The discovery that the transmission of an electric shock through air, confers extraordinary activity upon a portion of its oxygen, confirms a long-prevailing popular opinion, that lightning tends to purify the atmosphere. The oxygen which has undergone this change, has received the appellations of active oxygen and ozone. This discovery is susceptible of interesting applications to the relation of different localities to various diseases, to which I may allude in another article; but at present I remark that this is one of the discoveries in physical science which tends to confirm the doctrine of potentization by comminution. In the case of oxygen the change consists in an increased facility for combining with oxidizable substances. The molecules of ordinary, and comparatively inert, oxygen are probably split into active fragments on the same principle as a dry tree is shivered by lightning-mutual repulsion of the component parts being caused by the introduced electricity. That ozone consists of divided oxygen, is a doctrine, in the suggestion and public recognition of which I stood alone from 1850 till the present year. In my “Principles of Homoeopathy,” published in the former year, is the following passage: “In my opinion, the recent discovery of active oxygen tends to show, that even the molecules of a gaseous substance may be more minutely divided, and that this comminution enhances its activity. By what other hypothesis can we satisfactorily explain, the great avidity with which oxygen seizes upon combustible substances after its exposure to shocks of electricity.”*[p. 85. †May 1858.]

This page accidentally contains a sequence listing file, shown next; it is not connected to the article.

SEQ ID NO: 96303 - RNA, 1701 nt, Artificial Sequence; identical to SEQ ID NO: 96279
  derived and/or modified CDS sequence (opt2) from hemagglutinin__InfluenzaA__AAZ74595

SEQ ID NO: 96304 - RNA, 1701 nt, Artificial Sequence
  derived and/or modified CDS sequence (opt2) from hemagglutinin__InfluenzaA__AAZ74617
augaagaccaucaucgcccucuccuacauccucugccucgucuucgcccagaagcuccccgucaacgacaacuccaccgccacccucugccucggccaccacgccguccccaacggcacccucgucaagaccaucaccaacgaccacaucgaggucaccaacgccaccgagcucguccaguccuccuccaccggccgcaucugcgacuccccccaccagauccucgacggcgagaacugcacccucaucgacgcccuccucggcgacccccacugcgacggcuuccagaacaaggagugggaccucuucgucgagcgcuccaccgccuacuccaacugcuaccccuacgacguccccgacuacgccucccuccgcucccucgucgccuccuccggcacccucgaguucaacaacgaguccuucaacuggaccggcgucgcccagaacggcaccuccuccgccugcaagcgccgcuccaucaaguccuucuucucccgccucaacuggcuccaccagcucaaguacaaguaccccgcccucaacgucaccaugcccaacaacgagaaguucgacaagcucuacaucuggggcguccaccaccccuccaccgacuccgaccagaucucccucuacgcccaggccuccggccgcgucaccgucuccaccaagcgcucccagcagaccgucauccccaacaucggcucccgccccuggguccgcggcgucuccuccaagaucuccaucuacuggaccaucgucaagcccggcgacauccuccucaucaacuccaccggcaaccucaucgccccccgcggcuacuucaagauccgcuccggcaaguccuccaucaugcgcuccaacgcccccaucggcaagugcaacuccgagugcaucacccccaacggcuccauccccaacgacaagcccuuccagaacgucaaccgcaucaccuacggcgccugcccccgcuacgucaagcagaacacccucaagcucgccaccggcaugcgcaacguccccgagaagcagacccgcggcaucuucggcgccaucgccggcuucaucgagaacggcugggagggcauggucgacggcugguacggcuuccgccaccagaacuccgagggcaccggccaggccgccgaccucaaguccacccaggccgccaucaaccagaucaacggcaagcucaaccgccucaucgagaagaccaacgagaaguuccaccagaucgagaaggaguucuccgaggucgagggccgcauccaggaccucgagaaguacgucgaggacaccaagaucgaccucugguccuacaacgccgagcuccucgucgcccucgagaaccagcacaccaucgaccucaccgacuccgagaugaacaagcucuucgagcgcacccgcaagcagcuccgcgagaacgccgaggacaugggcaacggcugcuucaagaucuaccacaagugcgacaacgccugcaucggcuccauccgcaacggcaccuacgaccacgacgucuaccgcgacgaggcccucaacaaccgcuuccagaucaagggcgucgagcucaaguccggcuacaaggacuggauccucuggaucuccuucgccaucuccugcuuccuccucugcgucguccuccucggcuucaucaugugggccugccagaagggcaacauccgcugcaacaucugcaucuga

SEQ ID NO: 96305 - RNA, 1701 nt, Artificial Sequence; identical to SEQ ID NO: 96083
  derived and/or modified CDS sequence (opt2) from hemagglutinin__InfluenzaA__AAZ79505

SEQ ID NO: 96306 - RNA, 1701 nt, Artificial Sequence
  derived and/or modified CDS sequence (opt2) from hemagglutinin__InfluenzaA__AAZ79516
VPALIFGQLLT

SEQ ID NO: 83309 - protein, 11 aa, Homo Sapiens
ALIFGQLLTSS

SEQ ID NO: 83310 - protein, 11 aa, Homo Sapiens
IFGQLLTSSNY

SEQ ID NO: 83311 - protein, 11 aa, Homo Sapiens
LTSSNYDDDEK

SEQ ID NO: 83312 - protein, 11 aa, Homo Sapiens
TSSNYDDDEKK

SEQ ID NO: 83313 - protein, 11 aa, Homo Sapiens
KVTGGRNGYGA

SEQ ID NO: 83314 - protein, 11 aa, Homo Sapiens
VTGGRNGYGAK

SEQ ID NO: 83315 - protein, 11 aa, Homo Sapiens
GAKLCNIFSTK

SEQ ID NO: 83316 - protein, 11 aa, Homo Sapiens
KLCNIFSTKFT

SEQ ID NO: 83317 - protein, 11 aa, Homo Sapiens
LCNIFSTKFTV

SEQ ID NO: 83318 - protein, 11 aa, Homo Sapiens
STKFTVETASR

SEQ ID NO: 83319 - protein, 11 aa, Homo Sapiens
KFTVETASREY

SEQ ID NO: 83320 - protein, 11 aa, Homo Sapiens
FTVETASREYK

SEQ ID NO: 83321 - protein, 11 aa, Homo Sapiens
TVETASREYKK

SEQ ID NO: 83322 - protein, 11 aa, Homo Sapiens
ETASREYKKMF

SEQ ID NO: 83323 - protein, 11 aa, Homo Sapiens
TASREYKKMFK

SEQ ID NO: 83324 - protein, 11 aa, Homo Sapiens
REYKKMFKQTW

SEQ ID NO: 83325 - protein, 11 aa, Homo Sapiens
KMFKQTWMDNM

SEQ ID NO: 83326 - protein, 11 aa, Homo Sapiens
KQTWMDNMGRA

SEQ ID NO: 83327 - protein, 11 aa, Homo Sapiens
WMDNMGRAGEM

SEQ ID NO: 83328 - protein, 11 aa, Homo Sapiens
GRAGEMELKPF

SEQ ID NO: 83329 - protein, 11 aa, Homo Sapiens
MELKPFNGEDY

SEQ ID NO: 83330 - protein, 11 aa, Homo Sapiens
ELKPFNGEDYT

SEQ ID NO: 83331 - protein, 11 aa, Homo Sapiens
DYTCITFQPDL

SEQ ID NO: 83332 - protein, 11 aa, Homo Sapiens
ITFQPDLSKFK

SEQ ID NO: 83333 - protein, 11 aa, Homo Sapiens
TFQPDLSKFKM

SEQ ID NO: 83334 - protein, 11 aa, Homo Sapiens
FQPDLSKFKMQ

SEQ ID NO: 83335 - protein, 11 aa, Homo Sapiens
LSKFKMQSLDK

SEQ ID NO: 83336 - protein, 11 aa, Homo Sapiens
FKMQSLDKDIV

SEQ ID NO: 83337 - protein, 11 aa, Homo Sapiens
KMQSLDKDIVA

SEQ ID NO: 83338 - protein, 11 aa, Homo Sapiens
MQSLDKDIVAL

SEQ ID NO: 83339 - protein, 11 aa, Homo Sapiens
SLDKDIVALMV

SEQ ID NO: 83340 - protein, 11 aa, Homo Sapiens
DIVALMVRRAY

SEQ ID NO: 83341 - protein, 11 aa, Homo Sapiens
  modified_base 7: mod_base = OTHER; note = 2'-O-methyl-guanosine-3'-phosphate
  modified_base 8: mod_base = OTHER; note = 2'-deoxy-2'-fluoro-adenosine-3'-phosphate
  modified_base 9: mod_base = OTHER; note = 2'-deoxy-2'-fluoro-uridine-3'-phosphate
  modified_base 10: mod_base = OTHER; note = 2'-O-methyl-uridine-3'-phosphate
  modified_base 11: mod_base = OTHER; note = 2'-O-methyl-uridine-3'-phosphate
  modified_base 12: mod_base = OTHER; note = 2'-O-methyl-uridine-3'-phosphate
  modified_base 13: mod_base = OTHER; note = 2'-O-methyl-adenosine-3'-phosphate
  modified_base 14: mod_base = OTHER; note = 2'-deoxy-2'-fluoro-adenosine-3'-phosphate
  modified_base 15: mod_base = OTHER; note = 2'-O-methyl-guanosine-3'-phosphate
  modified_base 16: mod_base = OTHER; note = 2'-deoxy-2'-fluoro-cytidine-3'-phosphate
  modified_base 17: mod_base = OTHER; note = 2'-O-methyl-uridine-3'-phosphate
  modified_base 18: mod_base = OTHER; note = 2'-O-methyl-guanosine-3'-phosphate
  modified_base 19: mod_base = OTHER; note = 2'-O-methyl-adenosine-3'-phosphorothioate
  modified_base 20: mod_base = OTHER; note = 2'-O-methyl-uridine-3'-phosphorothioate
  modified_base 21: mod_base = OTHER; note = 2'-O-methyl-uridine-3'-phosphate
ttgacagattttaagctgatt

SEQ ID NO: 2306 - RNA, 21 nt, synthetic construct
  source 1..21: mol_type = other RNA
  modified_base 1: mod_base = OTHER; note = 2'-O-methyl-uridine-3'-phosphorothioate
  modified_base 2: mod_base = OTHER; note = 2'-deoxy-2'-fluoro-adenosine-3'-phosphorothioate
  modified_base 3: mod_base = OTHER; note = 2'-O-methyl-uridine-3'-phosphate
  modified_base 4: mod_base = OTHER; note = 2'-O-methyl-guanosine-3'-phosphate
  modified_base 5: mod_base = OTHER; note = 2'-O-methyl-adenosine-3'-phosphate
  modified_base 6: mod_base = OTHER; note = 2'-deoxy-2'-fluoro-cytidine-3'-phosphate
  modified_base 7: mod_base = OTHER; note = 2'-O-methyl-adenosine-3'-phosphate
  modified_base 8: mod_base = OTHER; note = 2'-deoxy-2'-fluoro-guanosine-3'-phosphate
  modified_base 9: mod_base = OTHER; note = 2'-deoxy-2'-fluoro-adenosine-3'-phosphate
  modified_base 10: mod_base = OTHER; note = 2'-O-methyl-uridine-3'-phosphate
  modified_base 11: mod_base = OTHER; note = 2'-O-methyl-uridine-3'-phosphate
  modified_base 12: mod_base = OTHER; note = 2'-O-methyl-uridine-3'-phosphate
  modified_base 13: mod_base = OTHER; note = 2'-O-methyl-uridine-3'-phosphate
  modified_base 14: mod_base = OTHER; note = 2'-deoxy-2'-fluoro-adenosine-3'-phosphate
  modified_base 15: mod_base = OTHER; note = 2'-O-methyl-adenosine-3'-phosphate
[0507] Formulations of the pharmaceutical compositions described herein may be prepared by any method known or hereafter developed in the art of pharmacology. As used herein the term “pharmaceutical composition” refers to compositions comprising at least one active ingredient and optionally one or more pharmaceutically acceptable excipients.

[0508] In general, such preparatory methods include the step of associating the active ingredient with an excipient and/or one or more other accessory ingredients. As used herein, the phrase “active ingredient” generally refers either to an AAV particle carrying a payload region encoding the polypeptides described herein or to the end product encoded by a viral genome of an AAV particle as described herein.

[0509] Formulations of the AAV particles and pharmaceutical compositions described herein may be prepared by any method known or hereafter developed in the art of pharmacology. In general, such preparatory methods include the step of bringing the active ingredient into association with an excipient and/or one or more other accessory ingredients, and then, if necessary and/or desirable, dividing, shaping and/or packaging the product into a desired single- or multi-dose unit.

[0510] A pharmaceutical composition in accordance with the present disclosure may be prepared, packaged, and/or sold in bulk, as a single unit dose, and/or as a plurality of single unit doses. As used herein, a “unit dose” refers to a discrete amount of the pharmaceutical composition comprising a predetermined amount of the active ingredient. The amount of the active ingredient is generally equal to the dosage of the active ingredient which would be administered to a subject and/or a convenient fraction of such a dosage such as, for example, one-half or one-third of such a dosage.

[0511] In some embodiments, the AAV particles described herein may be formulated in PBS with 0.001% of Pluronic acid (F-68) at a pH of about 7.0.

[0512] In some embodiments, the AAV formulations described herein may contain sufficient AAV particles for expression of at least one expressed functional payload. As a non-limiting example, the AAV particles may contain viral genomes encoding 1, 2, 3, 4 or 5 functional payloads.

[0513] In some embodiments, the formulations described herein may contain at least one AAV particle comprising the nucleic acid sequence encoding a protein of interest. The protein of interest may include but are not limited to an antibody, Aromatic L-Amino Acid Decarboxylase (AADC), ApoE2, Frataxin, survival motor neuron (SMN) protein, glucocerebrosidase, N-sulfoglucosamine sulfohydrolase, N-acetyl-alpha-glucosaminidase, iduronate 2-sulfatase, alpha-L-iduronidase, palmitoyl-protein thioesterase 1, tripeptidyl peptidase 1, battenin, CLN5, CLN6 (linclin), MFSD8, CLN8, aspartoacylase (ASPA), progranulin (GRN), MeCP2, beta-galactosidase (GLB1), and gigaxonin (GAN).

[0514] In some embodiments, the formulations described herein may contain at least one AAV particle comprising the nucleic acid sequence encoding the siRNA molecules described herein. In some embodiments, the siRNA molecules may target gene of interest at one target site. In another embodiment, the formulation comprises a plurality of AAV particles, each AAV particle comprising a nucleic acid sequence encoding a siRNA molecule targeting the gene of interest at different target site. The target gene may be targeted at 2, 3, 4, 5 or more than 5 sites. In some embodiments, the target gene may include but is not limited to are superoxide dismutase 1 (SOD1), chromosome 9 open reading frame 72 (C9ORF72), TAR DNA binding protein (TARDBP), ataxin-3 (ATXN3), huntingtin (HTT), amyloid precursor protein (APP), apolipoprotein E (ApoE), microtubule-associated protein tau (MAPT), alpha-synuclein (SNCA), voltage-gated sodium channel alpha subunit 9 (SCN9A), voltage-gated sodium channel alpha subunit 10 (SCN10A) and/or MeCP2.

Here this matter appears to have rested till May 1858, when Prof. Clansins published an article in Poggendorff's Annalen, on “The Nature of Ozone,” in which he considers it to be the divided molecules of oxygen-the same view which I had taken in the “Principles of Homoeopathy,” eight years earlier. Prof. C's. article, which contains some experimental evidences, has been thought worthy of republication in the London & Edinburgh Philosophical Magazine and Journal of Science.† This excellent scientific journal, in its number for Sept., 1858, contains a letter from the philosopher Schoenbein of Basle to the distinguished Faraday, in which he considers himself to have proved by experiment, that there are two kinds of ozone; that which is formed by the action of the electric spark and of phosphorus upon oxygen, he considers ozone par excellence, marks it negative on account of its eloctromative bearing, and finds it to be that which alone unites with precious metals, and with the oxide of murium, to form chlorine, the peroxide of murium. Thus chlorine is not a simple substance as the chemical world, adopting the views of Sir. Humphrey Davy, have almost universally regarded it for nearly half a century; and its great activity is due to a portion of comminuted oxygen.
I will not claim the authority of Schoenbein for this last remark, as he does not directly state that ozone is divided oxygen; but this may be inferred from his synthetic formula, ozone positive plus ozone negative equals oxygen. If ordinary oxygen, as he thus affirms, results from the union of molecules of ozone, it is reasonable to conclude that oxygen, sufficiently divided, would be ozone, i.e. active oxygen, and that this division is the cause of its extraordinary activity.
These recent conclusions of Clansins and Schoenbein afford a confirmation of my long-cherished views in relation to active oxygen, and the agency of comminution in Hahnemann's preparations. It is interesting to observe that discoveries in physical and chemical science tend to confirm homoeopathic doctrines, and that among scientific men there is a progress of opinion in this direction.
|Source:||The AMERICAN HOMOEOPATHIC REVIEW Vol. 01 No. 02, 1859, pages 68-70|
|Description:||The Nature of Ozone or Active Oxygen.|
|Editing:||errors only; interlinks; formatting|